Harrison Birtwistle, one of Britain’s leading contemporary composers known for his experimental approach to writing classical music, has died at the age of 87, his publisher announced on Monday.
Birtwistle, who was born in Accrington, northern England, in 1934, created critically acclaimed operas such as “Gawain” and “The Mask of Orpheus” and the famous orchestral composition “The Triumph of Time.”
During a decades-long career that continued well into the 1980s, his works, ranging from chamber pieces to grand operas, were performed on the world’s greatest stages by some of the world’s greatest symphony orchestras.
He died at his home in Mere, south-west England, his publisher Boosey & Hawkes said in a statement posted on its website. No cause of death was given.
Birtwistle, who was knighted in 1988 and a Companion of Honor in 2001, began by studying clarinet and composition at the Royal Manchester College of Music.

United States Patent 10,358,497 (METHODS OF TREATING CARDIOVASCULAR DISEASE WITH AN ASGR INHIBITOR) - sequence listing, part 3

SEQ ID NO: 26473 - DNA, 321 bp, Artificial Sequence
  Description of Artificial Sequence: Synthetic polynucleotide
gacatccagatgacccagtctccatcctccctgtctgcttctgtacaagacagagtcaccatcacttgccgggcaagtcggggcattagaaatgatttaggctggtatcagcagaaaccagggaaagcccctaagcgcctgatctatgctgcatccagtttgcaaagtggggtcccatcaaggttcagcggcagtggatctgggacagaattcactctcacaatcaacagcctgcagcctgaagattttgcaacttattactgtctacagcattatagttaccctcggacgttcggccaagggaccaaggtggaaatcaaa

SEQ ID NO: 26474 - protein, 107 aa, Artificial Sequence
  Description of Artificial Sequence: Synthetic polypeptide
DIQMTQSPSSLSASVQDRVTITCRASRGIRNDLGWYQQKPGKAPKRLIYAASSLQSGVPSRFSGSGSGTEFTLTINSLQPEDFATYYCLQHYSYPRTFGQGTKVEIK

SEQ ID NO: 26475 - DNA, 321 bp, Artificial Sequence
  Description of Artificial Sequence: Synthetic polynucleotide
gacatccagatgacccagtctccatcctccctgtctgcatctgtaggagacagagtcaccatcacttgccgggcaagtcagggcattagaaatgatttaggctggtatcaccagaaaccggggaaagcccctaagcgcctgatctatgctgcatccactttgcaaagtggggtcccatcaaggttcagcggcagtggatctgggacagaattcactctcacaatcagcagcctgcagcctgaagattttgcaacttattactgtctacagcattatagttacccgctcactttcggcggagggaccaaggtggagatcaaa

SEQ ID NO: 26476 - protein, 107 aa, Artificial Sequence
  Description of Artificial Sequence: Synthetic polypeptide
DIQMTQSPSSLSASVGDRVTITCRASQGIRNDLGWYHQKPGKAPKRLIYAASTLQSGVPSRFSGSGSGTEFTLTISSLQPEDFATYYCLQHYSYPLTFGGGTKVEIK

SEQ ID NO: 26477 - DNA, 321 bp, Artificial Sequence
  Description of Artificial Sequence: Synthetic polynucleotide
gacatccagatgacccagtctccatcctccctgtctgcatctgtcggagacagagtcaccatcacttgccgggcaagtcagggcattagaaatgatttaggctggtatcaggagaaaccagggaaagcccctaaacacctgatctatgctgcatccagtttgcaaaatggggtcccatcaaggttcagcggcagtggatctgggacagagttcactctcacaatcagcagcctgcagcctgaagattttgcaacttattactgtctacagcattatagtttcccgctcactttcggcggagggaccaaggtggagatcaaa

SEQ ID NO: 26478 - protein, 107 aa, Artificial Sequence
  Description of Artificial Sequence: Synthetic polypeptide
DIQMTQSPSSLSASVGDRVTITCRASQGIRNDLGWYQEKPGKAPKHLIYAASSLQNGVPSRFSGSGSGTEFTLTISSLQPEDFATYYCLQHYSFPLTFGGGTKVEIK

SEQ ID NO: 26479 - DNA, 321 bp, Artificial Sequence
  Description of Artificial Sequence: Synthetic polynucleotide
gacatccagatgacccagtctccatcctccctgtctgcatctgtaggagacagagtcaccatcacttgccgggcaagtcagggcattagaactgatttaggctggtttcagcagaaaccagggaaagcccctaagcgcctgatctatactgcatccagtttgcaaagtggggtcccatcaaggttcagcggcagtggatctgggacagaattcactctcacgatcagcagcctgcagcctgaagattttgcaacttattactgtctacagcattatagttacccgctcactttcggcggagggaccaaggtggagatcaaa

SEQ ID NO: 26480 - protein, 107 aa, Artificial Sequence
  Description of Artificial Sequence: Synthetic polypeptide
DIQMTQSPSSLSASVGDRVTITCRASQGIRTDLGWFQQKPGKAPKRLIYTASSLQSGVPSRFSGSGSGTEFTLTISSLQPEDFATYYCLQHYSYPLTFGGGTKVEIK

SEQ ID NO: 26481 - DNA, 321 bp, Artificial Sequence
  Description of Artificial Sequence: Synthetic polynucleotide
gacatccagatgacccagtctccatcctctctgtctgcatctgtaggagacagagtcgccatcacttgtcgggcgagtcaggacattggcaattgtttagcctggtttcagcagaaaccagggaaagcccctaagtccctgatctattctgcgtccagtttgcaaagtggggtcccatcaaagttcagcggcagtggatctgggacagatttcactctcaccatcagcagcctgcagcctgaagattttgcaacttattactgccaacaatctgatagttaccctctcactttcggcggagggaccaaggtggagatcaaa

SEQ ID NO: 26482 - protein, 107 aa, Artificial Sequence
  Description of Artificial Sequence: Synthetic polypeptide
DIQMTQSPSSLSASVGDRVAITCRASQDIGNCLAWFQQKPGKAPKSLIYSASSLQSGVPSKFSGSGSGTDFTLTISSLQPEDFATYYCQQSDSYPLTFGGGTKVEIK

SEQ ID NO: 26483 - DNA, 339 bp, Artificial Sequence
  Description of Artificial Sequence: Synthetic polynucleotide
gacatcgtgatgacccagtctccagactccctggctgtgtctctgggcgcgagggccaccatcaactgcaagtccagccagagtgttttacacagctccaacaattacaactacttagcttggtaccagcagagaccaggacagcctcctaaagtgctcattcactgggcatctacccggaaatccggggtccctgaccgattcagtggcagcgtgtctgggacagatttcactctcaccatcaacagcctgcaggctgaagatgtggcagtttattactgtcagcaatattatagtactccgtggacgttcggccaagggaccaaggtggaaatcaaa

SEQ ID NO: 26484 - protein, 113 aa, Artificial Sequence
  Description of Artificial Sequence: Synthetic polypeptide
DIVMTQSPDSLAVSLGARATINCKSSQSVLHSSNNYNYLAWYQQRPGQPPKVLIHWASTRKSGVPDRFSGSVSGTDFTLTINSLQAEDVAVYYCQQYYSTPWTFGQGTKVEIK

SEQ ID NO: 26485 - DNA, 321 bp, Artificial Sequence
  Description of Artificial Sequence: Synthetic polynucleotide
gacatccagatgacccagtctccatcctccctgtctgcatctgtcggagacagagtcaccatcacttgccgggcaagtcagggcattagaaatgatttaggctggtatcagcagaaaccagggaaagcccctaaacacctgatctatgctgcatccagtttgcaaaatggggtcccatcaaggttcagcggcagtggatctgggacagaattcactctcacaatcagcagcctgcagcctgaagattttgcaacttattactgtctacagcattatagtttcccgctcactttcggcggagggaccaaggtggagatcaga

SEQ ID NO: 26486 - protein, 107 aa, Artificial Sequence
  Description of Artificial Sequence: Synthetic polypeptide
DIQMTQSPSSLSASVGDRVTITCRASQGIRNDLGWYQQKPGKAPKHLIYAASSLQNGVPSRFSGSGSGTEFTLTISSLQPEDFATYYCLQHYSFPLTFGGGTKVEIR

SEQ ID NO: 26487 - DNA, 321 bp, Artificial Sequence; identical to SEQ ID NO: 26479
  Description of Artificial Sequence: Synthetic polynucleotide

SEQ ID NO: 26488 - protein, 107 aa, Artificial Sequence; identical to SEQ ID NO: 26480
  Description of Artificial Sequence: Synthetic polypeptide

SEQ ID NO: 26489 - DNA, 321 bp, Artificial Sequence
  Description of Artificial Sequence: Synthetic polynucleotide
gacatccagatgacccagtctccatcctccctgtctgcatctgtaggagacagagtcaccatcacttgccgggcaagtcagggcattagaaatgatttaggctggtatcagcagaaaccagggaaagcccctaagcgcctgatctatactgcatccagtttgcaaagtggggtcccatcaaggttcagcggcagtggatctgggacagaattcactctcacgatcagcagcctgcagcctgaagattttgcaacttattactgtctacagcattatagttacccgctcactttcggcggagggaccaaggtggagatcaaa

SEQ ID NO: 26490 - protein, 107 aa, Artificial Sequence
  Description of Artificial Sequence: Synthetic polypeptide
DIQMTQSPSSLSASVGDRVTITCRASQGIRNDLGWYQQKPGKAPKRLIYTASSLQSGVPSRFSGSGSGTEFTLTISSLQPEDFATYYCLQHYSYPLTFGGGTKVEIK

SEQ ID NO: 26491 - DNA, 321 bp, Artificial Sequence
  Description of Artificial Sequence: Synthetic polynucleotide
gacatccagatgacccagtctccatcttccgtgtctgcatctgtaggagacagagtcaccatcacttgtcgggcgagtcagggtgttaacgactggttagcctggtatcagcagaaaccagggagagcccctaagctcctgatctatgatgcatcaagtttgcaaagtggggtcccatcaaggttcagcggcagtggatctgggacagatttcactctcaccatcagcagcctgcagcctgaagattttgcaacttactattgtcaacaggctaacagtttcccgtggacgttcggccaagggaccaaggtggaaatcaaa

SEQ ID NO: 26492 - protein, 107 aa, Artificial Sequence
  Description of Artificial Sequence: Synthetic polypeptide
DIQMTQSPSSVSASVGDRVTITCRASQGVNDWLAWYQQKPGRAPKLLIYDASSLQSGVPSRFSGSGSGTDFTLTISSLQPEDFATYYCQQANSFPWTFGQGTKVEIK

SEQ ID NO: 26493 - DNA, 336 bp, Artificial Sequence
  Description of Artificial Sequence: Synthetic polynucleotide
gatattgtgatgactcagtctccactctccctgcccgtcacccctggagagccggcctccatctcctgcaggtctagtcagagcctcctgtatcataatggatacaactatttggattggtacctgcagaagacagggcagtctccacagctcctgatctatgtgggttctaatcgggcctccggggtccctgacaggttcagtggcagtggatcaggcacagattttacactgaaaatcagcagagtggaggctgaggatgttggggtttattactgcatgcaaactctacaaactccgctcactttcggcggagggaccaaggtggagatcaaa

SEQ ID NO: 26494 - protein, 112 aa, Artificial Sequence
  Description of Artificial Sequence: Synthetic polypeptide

He later sold his instruments to focus on composition, traveling to Princeton University in the United States as a Harkness Scholar, where he completed the opera “Punch And Judy”.
Premiering at the Aldeburgh Festival in 1968, the work, along with the instrumentals “Verses for Ensembles” and “The Triumph of Time”, firmly established Birtwistle as a leading voice in British music.
He became music director of the newly created Royal National Theater in London in 1975, a position he held until 1983.
Described in one obituary as “elusive and cantankerous”, he was widely recognized as groundbreaking for his uncompromising style, often presenting a cacophony of sound in his pieces that left audiences and critics divided.
The Royal Philharmonic Society was among the organizations and individuals that paid tribute to him on Monday, saying his music “shocked the earth”.